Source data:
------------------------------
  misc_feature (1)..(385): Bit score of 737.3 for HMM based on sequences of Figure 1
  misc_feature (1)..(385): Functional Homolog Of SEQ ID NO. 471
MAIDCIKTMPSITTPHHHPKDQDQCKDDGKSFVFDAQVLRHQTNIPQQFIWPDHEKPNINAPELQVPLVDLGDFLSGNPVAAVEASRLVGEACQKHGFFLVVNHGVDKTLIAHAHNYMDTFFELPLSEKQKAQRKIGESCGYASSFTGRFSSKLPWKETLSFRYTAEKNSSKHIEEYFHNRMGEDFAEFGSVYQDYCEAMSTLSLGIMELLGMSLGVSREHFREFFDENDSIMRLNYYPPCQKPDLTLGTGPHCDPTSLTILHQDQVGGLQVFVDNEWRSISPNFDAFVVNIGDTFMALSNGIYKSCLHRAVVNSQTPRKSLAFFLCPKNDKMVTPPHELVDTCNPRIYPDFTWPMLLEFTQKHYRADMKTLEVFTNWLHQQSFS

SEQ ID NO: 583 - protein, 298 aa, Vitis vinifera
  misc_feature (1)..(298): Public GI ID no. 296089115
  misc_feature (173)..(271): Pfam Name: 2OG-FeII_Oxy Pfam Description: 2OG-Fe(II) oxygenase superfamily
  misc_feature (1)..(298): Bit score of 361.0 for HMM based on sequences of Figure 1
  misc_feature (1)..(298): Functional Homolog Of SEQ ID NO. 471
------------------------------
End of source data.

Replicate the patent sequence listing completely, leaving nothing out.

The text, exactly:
  misc_feature (1)..(385): Bit score of 737.3 for HMM based on sequences of Figure 1
  misc_feature (1)..(385): Functional Homolog Of SEQ ID NO. 471
MAIDCIKTMPSITTPHHHPKDQDQCKDDGKSFVFDAQVLRHQTNIPQQFIWPDHEKPNINAPELQVPLVDLGDFLSGNPVAAVEASRLVGEACQKHGFFLVVNHGVDKTLIAHAHNYMDTFFELPLSEKQKAQRKIGESCGYASSFTGRFSSKLPWKETLSFRYTAEKNSSKHIEEYFHNRMGEDFAEFGSVYQDYCEAMSTLSLGIMELLGMSLGVSREHFREFFDENDSIMRLNYYPPCQKPDLTLGTGPHCDPTSLTILHQDQVGGLQVFVDNEWRSISPNFDAFVVNIGDTFMALSNGIYKSCLHRAVVNSQTPRKSLAFFLCPKNDKMVTPPHELVDTCNPRIYPDFTWPMLLEFTQKHYRADMKTLEVFTNWLHQQSFS

SEQ ID NO: 583 - protein, 298 aa, Vitis vinifera
  misc_feature (1)..(298): Public GI ID no. 296089115
  misc_feature (173)..(271): Pfam Name: 2OG-FeII_Oxy Pfam Description: 2OG-Fe(II) oxygenase superfamily
  misc_feature (1)..(298): Bit score of 361.0 for HMM based on sequences of Figure 1
  misc_feature (1)..(298): Functional Homolog Of SEQ ID NO. 471